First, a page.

by Rob Munro
Thursday, September 24, 1992
Mission Creek spawning channel is closed.
It was closed earlier this week when Ministry of Environment staff found 16,000 kokanee crowding the channel in Mission Creek Park.
It only has room for about 15,000 spawning kokanee without risking damage to eggs deposited earlier this month.
“It took us a little bit by surprise,” fisheries technician Brian Jantz said today. “When we did a count and it was 16,000, we closed it off immediately.”
The record return of spawning kokanee this year is the result of two factors, Jantz said. One is the quality of the spawning channel itself, which results in a high survival rate of the fry.
For the past few years, fisheries staff also removed eggs from kokanee, took them to a hatchery for the winter then released the fry back into the channel. That means the fish return to the channel to spawn.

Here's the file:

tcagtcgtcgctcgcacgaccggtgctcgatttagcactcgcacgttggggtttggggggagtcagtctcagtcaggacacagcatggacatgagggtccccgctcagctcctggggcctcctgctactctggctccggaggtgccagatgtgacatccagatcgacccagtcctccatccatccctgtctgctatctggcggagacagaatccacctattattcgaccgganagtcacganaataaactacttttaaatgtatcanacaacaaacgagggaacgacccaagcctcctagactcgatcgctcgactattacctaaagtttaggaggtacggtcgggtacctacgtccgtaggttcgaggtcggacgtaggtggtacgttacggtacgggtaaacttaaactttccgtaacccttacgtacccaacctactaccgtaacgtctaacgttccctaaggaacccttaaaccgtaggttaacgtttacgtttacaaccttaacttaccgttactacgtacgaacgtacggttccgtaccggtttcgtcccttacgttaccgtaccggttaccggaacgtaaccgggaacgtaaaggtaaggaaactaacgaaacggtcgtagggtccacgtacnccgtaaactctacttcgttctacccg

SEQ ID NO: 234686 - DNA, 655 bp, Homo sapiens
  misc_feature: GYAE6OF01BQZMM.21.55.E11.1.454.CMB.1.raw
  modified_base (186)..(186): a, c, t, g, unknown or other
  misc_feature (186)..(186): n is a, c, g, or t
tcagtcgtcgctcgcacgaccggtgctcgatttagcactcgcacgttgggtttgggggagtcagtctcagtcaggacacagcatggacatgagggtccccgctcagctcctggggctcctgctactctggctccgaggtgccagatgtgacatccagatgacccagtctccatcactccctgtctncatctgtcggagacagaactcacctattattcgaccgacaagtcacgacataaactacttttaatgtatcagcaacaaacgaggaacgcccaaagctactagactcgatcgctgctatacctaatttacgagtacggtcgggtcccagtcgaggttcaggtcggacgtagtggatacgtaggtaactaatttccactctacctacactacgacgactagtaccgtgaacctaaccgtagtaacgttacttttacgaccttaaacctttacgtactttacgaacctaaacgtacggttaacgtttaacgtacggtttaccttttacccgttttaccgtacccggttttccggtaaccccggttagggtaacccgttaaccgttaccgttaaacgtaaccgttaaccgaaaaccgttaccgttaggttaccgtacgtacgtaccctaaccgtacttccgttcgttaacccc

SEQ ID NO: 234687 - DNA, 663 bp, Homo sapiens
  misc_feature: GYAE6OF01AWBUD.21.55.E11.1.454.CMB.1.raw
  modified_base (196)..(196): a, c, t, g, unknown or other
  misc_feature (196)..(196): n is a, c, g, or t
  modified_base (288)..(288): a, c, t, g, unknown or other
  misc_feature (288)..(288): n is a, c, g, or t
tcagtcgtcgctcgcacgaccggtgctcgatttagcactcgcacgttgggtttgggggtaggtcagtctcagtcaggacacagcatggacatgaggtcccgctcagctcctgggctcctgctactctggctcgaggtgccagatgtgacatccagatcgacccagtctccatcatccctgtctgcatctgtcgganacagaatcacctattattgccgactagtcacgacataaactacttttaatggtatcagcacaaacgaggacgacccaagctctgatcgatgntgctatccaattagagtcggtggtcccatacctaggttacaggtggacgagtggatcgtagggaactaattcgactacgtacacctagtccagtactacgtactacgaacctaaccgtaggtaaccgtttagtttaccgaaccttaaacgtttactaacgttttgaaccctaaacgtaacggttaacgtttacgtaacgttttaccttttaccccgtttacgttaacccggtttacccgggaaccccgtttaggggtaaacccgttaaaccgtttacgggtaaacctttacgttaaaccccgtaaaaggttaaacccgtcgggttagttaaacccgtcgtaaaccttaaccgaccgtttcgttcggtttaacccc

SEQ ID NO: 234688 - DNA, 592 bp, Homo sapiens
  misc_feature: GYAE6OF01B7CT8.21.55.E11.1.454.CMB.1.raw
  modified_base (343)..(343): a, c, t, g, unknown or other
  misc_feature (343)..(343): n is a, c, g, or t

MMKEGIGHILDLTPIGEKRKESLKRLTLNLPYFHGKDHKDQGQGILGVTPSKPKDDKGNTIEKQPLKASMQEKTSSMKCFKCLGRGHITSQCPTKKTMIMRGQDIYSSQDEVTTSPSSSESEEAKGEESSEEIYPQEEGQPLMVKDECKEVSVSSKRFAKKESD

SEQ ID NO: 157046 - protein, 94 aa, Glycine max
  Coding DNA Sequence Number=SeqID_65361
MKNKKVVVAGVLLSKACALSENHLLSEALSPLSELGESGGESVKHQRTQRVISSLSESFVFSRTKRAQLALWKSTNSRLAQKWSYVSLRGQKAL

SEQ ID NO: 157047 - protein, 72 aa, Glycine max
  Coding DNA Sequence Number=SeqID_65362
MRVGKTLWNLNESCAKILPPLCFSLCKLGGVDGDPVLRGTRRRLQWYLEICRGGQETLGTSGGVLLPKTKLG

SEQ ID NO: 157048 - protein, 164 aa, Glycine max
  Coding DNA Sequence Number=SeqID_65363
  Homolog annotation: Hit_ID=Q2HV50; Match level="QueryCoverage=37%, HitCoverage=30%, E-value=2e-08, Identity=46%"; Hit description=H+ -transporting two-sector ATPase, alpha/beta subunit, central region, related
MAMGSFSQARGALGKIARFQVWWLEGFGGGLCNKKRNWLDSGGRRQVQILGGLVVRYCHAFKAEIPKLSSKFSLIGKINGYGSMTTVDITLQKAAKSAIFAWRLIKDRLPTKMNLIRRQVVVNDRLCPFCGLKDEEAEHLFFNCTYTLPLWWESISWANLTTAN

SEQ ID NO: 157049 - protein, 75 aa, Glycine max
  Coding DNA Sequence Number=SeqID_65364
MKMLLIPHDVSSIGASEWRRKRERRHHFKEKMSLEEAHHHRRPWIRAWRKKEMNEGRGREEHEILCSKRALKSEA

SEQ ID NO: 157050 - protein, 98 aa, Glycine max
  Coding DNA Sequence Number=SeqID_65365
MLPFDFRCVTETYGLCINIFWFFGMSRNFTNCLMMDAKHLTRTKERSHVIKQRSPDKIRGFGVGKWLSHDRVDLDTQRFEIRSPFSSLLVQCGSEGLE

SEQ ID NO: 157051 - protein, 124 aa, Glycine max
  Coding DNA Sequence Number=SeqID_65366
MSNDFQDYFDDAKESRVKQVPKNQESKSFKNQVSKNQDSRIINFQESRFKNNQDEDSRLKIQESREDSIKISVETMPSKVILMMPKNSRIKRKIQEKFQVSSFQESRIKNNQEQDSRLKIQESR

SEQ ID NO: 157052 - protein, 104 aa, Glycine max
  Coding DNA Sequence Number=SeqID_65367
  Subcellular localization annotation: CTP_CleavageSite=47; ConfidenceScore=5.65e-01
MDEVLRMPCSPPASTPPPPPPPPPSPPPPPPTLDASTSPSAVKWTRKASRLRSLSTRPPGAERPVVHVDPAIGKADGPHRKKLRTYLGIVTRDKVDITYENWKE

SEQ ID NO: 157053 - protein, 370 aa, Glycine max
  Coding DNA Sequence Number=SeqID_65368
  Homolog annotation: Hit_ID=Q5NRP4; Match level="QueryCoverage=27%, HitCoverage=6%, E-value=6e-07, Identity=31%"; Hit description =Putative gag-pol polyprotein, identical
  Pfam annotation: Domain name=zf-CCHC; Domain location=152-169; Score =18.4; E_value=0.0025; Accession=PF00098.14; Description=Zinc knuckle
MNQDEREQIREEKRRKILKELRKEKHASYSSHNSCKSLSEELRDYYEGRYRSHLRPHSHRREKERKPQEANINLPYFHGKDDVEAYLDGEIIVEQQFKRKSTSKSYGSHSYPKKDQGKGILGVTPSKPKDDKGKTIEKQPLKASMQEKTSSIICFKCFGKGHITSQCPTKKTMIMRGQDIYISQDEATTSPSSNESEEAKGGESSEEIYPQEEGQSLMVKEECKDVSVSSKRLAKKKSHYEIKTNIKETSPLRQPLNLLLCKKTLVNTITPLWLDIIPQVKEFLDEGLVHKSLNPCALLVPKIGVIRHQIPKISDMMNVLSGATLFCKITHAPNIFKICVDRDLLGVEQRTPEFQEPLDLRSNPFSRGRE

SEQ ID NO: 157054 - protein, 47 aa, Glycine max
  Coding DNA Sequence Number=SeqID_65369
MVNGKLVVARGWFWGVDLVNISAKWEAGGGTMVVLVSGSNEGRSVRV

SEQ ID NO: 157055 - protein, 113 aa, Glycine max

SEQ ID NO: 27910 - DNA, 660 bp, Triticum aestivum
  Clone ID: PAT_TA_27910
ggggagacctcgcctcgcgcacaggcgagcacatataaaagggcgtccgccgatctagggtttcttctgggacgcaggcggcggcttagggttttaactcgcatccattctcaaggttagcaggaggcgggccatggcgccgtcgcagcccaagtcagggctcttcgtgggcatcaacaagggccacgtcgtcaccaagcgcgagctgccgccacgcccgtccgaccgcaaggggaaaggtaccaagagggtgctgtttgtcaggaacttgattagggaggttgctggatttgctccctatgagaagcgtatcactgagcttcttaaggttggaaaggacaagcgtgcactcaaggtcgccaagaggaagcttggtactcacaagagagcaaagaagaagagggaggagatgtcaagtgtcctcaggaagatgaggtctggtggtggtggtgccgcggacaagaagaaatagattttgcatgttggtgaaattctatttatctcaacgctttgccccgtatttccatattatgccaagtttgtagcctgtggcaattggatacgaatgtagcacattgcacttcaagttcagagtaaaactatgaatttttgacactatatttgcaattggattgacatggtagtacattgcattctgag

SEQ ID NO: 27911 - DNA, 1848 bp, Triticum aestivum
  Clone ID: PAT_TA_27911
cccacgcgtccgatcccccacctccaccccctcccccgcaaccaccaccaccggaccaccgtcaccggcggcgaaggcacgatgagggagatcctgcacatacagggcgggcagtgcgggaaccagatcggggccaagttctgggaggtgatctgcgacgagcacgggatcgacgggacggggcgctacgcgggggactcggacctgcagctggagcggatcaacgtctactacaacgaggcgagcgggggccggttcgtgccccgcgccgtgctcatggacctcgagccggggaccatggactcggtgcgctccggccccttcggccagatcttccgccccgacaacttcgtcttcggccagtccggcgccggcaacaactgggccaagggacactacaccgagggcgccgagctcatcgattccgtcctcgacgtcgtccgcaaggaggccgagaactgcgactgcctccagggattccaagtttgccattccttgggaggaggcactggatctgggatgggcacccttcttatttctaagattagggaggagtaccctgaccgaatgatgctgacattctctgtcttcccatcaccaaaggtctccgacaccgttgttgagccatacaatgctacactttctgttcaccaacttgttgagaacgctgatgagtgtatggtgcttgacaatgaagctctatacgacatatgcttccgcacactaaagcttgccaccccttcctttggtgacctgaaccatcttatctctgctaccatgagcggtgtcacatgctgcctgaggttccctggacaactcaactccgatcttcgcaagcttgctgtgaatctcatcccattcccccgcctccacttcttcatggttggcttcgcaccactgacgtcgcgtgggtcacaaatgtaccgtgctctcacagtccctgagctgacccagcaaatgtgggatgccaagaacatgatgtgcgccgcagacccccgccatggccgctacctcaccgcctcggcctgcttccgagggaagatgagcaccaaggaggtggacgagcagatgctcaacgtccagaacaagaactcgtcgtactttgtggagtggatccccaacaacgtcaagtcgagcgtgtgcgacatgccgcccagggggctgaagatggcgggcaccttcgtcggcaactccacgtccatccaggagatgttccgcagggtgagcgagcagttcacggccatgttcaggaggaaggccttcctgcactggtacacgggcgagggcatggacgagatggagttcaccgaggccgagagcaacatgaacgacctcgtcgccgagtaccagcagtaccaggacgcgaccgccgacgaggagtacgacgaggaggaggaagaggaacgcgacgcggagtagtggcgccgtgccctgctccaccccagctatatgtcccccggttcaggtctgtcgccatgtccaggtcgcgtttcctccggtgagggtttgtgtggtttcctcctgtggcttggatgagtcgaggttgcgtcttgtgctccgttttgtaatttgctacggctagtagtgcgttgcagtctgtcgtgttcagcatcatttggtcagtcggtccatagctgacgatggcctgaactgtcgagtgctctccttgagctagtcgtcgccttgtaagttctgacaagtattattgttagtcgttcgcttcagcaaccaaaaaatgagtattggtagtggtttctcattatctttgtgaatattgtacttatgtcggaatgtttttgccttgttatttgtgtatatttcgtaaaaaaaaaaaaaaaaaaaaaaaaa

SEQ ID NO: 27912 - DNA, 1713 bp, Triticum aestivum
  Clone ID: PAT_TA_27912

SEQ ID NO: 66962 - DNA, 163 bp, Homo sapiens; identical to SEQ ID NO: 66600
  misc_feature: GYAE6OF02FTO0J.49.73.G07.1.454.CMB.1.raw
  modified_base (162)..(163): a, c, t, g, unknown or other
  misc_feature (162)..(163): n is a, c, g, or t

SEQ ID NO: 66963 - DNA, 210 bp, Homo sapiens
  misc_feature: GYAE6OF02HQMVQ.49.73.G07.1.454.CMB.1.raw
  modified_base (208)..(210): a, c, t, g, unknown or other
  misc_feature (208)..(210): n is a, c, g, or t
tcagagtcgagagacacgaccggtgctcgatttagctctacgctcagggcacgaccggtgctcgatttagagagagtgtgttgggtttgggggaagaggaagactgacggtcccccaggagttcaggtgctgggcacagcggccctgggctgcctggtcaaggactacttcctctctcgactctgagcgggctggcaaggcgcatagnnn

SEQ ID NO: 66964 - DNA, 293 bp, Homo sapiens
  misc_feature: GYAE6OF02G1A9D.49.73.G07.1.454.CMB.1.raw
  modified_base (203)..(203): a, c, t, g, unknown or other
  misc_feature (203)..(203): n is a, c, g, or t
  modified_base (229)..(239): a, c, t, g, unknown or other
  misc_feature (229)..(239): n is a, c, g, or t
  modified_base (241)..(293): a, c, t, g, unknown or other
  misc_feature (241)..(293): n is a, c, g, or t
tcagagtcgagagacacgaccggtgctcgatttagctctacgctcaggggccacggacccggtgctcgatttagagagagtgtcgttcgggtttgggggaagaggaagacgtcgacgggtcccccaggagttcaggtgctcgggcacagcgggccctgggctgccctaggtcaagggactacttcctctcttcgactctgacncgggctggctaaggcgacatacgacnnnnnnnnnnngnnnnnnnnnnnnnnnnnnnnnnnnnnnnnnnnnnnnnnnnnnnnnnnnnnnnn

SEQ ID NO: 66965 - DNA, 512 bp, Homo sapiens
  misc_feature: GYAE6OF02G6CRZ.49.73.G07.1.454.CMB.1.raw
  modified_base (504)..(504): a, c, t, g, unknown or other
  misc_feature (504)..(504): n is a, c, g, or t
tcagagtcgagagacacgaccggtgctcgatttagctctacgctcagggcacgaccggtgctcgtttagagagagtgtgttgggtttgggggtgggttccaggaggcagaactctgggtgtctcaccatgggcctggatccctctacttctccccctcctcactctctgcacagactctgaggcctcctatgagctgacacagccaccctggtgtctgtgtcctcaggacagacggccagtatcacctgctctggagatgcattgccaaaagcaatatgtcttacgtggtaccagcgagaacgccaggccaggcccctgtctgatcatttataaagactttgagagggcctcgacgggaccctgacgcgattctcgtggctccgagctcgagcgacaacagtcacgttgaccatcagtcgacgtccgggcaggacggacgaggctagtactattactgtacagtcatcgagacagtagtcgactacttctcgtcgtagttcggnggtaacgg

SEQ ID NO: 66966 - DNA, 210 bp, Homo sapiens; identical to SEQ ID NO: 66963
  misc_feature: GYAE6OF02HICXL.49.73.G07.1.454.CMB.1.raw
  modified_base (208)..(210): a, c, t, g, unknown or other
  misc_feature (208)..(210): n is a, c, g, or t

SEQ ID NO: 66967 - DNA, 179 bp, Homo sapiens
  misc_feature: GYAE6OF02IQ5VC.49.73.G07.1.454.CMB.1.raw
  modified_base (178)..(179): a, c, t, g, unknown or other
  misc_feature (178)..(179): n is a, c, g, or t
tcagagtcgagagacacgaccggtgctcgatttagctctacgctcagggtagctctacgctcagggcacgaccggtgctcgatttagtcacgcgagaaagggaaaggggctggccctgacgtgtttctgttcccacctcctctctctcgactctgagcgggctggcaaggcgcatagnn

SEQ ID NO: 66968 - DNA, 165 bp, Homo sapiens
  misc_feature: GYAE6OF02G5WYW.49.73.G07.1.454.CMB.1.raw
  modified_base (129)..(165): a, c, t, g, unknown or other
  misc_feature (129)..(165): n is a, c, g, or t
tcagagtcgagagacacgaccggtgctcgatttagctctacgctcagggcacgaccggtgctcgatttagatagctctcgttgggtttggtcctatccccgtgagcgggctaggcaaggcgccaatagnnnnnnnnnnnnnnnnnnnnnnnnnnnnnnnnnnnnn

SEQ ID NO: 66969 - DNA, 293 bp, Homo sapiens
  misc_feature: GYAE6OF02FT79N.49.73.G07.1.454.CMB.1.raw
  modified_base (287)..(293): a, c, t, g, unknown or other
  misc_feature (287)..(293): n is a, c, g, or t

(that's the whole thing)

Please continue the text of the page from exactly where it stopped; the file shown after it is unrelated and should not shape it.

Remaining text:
“Last year, they didn’t want to go into the channel,” Jantz said. “This year, we had no trouble getting them to go in.”
Kokanee, when they reach the age of three to five years, return to the place they hatched, lay their eggs and die.
These fish will be in the channel for about one more week, Jantz said, so there will be plenty of live kokanee for people to see on Fisheries Awareness Day, from 10 a.m. to 4 p.m. Sunday.
It’s sponsored by three local groups: Oceola Fish and Game Club, Lonely Loon Flyfisher’s Society and Kelowna and District Fish and Game Club.
There will be displays on fish enhancement projects, fly-casting and fly-tying techniques along with native Indian fisheries practices.
Proceeds from the sale of food and refreshments will be used to fund educational tours for elementary schools.